If you were asked what the most important benefit to exercising and eating right was, what would you say?
Over the years, I’ve had a few injuries. I’ve broken or torn multiple bones, ligaments, and muscles; donned casts, slings, crutches and a wheelchair. Some injuries occurred through my own stupidity and some were just freak accidents that seem to catch us when we least expect it. You know, life.
When I first found myself incapacitated with a hip-to-toe cast, I figured any hope of staying in shape was out of the question. I surrendered to the fate of withering away on the sofa medicating on Oreos and chocolate milk. I had 12 long weeks to feel sorry for myself.
It was at my lowest point of self-pity where I arrived at a very important question, how am I going to react to this?
Simply because I couldn’t run or walk, I was focusing on things I couldn’t do rather than what I could do. I was being a victim of circumstances I couldn’t control rather than taking responsibility for what I could. My leg needed to heal, but beyond that, I had total control of what I ate and I still had complete use of my upper body, which allowed for plenty of exercise.
This left me with the sobering (and empowering) conclusion that if my health and fitness declined, it was because I allowed it to, not my injury. And I wanted it too much to stop.
In the gym, you’re not only developing physical strength, but everyday you are exposing yourself to the pain of exercise. Our bodies change because we expose it to stress and stimulus causing it to rebuild stronger and more resilient than before. But more importantly, you’re fighting the urge to say “the hell with it” and give up. Every day you defy this urge to skip the workout, you get a little stronger.
Over time you develop patience, mental strength, and discipline, and what were once weaknesses (both physical and mental) have been built up to make you a better version of yourself. Someone who has more energy, complains a lot less, and walks taller. And that, my friends, is way better than a nice pair of biceps.
Some people may be thinking, “Oh, I’m not strong or disciplined.” You are. In fact, if you are struggling with getting fit or losing weight it is not a question of how strong you are, but rather a question of wanting it badly enough and knowing that it’s possible. Most of us fail simply because we kind of committed to something we only kind of want, or never really believed we could have in the first place.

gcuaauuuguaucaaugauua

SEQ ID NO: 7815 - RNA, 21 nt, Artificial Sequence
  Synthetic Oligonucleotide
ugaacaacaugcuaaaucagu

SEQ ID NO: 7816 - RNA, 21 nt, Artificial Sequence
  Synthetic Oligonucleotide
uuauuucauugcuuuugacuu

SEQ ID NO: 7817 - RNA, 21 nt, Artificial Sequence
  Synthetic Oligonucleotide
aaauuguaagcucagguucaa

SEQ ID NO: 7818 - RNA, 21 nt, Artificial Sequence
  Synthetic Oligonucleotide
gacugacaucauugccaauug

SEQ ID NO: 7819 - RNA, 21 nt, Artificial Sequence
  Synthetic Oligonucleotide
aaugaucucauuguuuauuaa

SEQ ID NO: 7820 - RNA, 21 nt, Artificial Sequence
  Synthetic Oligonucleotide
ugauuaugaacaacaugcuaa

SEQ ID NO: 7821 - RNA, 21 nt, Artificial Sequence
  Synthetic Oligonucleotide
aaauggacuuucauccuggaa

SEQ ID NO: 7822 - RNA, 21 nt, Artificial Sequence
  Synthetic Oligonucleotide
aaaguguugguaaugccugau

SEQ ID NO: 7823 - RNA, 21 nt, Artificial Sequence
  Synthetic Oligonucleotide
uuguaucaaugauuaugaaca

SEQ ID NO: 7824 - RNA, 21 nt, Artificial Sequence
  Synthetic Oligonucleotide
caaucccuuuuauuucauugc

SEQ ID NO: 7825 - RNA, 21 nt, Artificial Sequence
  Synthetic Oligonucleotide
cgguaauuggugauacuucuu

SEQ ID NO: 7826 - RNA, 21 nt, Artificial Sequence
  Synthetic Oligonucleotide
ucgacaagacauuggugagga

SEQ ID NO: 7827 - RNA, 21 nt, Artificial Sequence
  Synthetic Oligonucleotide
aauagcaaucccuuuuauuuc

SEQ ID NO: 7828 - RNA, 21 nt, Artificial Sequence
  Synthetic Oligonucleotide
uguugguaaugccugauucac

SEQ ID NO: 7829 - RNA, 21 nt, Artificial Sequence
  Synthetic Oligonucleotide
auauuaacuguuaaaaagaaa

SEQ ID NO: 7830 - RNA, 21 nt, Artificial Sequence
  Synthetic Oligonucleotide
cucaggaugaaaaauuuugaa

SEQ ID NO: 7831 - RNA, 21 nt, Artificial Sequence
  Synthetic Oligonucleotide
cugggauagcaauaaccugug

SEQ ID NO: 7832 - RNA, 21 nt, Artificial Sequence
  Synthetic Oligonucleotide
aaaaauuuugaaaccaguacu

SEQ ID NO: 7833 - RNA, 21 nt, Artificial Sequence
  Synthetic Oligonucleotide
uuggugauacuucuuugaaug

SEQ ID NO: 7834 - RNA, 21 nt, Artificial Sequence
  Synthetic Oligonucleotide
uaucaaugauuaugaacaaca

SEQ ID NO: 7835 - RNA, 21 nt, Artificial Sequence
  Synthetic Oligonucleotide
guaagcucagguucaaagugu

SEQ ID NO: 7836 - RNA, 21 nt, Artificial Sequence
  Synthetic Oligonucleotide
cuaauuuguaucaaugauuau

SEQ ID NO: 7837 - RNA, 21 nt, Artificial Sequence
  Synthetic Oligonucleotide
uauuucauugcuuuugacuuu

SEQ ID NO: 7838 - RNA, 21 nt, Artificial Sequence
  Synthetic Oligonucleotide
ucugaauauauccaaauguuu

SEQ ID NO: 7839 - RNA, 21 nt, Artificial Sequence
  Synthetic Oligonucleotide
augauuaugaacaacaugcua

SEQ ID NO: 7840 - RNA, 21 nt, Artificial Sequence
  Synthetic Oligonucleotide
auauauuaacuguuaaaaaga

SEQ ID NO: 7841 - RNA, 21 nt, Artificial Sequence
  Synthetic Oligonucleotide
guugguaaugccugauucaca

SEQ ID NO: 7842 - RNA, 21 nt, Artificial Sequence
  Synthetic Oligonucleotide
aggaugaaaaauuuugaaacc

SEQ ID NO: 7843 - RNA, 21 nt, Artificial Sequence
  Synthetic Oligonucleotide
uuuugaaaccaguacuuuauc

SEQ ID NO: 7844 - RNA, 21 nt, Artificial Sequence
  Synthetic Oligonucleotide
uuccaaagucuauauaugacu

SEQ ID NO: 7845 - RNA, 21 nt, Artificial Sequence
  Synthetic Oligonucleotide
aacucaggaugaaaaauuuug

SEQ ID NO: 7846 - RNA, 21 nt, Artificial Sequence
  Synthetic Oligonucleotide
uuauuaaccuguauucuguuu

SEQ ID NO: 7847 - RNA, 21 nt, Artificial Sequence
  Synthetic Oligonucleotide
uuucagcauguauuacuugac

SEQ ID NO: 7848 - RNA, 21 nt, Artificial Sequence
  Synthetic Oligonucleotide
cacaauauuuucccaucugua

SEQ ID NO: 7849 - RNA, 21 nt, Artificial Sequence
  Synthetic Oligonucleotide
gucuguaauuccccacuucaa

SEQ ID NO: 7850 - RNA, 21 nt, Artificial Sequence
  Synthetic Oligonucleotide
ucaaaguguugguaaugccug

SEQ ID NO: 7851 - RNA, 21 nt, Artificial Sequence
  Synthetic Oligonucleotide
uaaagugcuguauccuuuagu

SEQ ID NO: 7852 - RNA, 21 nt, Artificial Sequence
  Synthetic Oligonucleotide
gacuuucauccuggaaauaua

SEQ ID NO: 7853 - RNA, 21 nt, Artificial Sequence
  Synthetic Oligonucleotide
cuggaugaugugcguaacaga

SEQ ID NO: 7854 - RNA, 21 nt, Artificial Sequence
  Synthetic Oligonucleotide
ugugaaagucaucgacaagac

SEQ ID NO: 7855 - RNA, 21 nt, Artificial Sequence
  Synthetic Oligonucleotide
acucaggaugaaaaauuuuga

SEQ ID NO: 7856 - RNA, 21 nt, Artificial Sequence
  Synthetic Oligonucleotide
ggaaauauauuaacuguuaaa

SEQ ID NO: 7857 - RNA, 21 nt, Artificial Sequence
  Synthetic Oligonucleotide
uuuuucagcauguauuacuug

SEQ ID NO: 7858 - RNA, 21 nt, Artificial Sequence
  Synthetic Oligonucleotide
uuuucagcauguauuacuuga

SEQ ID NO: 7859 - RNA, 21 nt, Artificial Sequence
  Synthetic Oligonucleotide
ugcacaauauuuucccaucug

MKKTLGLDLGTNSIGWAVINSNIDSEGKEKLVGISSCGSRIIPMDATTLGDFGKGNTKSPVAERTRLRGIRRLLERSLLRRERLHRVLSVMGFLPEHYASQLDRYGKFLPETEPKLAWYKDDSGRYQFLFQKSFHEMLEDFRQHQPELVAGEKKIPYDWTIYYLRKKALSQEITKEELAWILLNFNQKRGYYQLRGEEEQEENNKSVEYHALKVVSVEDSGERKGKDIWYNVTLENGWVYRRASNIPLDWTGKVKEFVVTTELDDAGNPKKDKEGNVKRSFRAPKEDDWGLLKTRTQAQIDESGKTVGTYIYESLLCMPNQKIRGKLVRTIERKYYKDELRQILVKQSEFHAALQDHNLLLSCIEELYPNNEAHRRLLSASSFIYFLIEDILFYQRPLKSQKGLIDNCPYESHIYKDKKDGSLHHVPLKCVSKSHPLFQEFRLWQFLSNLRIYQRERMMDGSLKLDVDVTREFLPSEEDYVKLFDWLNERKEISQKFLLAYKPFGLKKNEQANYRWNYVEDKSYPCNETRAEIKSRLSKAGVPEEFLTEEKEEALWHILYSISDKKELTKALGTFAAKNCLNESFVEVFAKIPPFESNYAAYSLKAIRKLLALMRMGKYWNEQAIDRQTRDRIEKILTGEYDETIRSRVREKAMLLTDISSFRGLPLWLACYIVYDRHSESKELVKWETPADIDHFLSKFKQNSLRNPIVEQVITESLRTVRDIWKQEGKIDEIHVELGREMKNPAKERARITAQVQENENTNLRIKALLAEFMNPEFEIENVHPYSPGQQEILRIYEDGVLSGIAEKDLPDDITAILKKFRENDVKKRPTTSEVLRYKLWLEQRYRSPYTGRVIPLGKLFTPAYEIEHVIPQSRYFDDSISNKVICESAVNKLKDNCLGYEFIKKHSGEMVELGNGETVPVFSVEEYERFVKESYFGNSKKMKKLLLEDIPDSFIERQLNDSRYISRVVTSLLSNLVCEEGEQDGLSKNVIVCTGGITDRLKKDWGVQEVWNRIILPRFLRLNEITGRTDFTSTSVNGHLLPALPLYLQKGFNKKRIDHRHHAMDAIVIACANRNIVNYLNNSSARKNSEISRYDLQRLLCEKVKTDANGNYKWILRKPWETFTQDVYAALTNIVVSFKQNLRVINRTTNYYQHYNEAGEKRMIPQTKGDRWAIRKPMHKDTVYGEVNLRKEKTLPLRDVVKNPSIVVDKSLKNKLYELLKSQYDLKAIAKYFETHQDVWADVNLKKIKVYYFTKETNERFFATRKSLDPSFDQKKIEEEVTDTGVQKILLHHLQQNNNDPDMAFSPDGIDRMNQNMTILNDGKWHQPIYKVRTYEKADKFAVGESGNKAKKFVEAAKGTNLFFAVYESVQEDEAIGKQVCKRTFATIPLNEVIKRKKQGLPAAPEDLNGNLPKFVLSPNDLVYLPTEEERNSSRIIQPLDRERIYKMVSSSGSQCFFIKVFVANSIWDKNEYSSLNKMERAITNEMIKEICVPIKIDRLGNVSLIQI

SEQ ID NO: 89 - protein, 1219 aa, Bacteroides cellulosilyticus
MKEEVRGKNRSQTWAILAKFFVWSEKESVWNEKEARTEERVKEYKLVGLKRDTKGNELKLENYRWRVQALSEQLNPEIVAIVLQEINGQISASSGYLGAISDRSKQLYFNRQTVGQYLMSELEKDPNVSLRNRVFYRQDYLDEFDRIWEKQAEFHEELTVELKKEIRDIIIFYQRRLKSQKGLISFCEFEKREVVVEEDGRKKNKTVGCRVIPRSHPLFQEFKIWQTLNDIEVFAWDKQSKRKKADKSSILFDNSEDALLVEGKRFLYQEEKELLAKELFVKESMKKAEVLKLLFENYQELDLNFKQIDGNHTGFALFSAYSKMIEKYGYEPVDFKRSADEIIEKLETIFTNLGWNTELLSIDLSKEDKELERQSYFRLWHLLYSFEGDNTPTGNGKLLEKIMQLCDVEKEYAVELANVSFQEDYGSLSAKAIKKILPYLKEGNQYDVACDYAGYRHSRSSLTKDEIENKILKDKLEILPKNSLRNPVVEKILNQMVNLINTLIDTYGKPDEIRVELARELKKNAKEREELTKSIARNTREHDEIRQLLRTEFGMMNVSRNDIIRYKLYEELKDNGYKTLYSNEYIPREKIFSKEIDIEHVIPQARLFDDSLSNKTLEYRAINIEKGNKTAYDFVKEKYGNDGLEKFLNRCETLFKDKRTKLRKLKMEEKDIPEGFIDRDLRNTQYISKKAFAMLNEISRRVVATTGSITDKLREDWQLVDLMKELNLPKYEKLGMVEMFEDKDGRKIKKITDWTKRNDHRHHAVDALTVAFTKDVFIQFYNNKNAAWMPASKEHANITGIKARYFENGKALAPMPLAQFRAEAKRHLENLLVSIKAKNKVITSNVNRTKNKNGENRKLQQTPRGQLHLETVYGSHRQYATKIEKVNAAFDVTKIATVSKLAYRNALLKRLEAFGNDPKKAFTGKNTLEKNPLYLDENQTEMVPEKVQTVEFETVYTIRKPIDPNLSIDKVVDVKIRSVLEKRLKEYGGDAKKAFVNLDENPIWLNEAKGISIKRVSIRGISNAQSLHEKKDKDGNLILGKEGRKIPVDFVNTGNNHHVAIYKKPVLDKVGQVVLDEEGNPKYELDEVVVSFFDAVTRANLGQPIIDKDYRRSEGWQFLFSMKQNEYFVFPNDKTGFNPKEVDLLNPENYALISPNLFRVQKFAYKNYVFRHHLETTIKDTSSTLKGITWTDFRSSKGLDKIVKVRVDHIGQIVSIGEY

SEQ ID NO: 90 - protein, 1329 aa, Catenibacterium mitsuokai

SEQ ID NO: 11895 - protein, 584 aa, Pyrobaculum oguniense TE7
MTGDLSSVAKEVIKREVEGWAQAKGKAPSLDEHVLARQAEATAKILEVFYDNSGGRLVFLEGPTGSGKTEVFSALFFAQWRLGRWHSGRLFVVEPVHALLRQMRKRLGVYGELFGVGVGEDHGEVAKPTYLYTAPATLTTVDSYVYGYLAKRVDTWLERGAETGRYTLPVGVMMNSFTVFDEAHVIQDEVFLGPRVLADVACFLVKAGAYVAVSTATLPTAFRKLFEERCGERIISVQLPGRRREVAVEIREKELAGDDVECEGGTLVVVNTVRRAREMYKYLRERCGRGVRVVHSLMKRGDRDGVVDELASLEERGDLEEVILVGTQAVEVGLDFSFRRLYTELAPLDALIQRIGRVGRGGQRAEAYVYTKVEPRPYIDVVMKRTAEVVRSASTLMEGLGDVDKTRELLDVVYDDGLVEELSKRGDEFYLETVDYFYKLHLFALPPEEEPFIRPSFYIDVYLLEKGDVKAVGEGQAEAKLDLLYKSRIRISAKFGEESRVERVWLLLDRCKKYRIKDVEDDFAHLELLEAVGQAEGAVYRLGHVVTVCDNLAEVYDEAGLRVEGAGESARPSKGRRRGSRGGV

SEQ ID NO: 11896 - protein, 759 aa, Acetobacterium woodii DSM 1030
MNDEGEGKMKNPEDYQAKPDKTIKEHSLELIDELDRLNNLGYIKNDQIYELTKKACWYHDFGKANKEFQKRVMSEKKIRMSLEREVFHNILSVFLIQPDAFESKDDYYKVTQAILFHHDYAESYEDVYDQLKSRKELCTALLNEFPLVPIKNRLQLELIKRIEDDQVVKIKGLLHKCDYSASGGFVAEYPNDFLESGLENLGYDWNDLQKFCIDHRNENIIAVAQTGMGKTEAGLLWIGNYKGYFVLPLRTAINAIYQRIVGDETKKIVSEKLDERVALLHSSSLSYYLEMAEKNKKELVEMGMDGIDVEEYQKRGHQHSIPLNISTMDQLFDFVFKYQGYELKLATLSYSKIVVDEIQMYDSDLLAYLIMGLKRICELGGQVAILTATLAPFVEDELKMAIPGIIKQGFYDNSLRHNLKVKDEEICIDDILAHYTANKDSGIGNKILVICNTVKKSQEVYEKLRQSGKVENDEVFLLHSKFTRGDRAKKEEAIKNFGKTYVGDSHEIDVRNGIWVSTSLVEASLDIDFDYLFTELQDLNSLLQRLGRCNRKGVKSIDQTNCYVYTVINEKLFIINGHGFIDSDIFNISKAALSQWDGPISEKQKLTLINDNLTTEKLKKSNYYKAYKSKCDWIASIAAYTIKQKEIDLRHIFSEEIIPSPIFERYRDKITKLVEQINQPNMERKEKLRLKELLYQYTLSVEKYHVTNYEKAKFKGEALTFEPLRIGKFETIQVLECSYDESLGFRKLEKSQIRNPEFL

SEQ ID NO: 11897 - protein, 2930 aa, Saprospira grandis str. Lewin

You have to decide that it’s possible for you and you have to want it more than watching television, more than sleeping in, more than donuts, wine and beers. When you want to get in shape, feel younger and more confident, more than any of those things, you will have no problem getting there.
That is the greatest benefit of exercise, discovering how much control you have over your body and life when you truly commit to get yourself out of the rut.
Every decision you face is made according to your commitment and belief in the outcome. The people you surround yourself with, the food you eat, the books you read, the television you watch, how much sleep you get, everything is a decision that has you either moving in a better direction, remaining complacent, or worse, moving backwards.
If you feel stuck, you have to look at your situation and know that it can be better. When you know it can be better, decide to make it better. Then act. And when it gets hard, you will find out how committed you are.
You will discover that can you work around any obstacle, albeit money, time, age, or injury. You just have to get off the fence and decide. spt